It’s not time to completely reverse last week’s conclusions, but this week’s game showed the Saints team Sean Payton and company was hoping to build with their offseason moves– a diverse offense that moved the ball effectively, combined with a defense that effectively bottled up the opposing offense and was able to make big plays in the passing game. It’s a winning formula if they can execute consistently.

Willie Snead returns from suspension this week, which will help that tremendously, as he’s one of the most reliable route runners in the league. The Saints play the Dolphins in London; Miami is coming off a pretty embarrassing loss to a New York Jets team many observers thought had a legitimate chance of going 0-16. It’s a winnable game if the Saints can force Jay Cutler into mistakes and the offense can exploit the Dolphins’ weak spots at linebacker and cornerback.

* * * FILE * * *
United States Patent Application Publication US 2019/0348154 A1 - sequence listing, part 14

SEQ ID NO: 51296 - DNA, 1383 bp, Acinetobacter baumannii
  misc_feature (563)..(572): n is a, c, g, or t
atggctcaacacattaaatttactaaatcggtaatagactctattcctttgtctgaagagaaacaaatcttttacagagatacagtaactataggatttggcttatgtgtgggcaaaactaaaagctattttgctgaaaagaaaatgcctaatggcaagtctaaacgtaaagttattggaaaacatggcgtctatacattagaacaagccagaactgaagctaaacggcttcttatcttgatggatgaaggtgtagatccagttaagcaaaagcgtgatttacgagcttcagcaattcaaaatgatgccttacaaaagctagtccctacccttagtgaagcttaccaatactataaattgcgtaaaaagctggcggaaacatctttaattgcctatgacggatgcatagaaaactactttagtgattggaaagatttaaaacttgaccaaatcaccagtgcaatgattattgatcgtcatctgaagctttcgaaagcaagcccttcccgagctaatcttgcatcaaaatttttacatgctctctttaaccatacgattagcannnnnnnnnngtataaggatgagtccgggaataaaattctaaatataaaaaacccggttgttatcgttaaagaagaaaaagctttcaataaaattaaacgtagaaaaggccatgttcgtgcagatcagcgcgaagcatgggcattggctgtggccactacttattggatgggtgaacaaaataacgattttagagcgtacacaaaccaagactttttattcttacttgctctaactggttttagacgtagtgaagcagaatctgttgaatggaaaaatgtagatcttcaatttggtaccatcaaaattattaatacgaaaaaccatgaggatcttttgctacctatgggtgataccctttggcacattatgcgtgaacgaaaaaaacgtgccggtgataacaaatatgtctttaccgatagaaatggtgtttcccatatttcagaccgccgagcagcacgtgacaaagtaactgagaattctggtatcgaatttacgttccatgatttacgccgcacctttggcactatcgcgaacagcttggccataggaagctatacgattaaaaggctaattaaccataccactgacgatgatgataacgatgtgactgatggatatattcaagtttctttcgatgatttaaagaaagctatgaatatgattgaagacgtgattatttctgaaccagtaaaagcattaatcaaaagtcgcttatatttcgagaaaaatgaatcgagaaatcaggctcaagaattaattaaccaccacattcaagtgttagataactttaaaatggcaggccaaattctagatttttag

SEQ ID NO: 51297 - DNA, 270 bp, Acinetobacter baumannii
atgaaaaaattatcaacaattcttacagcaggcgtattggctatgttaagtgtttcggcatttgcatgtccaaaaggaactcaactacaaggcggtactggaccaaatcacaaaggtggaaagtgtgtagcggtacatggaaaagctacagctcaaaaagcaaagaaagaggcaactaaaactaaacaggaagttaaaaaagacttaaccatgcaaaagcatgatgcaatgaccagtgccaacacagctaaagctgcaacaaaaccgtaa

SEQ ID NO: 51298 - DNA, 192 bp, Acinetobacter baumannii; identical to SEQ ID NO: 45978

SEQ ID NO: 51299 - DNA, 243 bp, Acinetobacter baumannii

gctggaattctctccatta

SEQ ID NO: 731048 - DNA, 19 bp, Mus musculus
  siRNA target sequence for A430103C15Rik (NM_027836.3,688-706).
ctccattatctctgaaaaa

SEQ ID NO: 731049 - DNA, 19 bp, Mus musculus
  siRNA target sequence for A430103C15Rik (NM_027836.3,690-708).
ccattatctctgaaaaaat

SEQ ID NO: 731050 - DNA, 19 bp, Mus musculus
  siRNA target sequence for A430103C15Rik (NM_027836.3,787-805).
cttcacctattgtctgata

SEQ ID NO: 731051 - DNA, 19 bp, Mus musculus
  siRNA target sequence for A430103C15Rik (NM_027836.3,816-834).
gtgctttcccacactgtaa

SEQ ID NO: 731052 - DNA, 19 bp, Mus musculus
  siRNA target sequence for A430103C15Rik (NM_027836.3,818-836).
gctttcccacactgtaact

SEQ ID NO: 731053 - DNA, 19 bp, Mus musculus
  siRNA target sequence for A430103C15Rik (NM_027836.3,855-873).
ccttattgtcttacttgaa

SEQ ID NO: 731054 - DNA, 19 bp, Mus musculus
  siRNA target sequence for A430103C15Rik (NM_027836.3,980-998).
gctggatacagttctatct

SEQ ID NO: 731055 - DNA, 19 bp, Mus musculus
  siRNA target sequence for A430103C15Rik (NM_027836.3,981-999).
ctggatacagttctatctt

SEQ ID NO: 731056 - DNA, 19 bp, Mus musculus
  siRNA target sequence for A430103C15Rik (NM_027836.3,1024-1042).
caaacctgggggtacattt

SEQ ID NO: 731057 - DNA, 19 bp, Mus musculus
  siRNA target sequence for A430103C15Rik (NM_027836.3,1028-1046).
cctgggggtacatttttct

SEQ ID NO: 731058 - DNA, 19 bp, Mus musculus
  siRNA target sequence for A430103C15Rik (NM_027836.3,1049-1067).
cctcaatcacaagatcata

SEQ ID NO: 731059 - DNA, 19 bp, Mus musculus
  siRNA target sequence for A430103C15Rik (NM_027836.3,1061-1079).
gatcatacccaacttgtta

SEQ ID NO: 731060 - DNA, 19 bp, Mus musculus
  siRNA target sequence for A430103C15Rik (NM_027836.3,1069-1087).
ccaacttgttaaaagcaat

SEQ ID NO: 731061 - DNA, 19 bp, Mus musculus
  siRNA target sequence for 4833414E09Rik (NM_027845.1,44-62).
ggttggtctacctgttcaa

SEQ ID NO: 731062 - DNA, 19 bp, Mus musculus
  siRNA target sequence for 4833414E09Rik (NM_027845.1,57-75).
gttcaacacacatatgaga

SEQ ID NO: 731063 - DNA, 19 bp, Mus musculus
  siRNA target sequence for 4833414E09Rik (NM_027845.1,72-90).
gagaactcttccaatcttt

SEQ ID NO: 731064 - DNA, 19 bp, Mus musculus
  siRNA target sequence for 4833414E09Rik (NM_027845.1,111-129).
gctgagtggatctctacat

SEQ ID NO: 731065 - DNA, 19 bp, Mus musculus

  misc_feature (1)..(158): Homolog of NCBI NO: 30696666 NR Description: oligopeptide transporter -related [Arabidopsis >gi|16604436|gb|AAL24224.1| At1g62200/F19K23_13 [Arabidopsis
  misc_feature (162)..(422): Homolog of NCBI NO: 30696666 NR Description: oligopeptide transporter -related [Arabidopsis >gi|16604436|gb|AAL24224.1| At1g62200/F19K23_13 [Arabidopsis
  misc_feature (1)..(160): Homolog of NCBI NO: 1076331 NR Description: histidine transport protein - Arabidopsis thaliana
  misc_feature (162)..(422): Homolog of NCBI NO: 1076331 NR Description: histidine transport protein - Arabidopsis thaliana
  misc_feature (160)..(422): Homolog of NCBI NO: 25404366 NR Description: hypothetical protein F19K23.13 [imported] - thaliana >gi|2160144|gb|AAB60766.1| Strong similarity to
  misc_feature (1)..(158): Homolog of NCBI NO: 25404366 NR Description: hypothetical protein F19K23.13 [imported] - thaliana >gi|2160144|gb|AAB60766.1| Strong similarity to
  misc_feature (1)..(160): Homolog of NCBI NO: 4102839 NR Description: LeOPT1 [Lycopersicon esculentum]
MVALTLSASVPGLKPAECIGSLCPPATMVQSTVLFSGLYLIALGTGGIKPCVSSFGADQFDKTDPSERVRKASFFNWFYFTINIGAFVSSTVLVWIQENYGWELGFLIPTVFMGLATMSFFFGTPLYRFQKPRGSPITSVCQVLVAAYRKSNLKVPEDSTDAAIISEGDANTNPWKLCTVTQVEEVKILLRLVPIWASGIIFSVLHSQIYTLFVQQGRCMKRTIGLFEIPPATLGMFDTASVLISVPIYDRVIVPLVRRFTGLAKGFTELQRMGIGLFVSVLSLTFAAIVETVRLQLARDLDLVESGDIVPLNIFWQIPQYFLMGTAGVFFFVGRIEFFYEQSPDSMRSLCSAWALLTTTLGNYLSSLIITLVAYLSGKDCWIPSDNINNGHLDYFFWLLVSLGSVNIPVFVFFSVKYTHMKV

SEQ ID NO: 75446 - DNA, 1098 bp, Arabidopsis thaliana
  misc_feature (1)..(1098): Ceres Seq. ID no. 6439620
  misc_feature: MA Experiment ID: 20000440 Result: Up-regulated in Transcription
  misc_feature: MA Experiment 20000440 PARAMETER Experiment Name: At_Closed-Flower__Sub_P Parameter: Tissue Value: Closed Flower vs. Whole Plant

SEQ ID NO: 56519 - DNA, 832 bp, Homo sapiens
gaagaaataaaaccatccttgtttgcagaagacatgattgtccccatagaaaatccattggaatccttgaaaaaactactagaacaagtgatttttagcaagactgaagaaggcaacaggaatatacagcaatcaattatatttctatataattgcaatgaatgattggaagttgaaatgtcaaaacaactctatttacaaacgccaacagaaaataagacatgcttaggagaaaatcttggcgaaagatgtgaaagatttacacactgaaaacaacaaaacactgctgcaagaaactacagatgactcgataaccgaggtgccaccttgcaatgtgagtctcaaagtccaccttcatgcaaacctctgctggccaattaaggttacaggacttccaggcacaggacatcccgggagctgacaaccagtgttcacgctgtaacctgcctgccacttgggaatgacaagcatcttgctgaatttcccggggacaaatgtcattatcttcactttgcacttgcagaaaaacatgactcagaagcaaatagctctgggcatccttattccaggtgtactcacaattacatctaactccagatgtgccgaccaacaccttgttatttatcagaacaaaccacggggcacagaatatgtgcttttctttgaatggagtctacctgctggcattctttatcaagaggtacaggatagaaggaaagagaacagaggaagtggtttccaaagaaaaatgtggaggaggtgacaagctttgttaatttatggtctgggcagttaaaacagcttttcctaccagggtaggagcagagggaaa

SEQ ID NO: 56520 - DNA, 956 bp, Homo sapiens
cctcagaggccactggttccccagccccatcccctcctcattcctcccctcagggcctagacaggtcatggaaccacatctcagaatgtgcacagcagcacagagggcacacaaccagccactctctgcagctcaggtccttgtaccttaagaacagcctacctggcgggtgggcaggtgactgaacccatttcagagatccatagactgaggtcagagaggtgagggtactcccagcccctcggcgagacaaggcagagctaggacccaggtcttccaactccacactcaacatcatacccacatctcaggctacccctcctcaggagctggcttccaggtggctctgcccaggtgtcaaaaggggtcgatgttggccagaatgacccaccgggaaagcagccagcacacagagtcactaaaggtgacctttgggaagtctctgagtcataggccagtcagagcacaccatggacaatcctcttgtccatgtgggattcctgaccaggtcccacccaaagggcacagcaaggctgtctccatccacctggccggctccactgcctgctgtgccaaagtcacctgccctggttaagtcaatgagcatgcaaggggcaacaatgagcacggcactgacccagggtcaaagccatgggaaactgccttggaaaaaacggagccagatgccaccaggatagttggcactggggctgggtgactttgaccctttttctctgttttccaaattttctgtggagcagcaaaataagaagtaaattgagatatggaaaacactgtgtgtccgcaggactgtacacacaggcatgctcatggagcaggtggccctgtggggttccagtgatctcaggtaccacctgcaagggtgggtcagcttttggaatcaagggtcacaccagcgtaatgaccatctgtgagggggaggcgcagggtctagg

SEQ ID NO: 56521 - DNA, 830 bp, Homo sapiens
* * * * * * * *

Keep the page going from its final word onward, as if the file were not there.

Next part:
Continuing to play by this week’s philosophy, as opposed to some of the mess that was week 1’s gameplan, will help. An offense that focuses on consistently getting the ball to its best players while still taking shots at big plays. A defense that puts its best talent on the field. (Getting Vonn Bell in for significant snaps helped a lot, and I think playing Crawley over Harris, who was frequently a target in weeks 1 and 2, did as well.) And of course, the team just needs some luck getting its players healthy. (Hopefully Marshon Lattimore doesn’t collide with Vonn Bell again this week.) The Saints have some hope this season, and a lot of winnable games on the schedule, but they need to stick with what works and not get overly creative on scheme or personnel if they want to maximize their potential.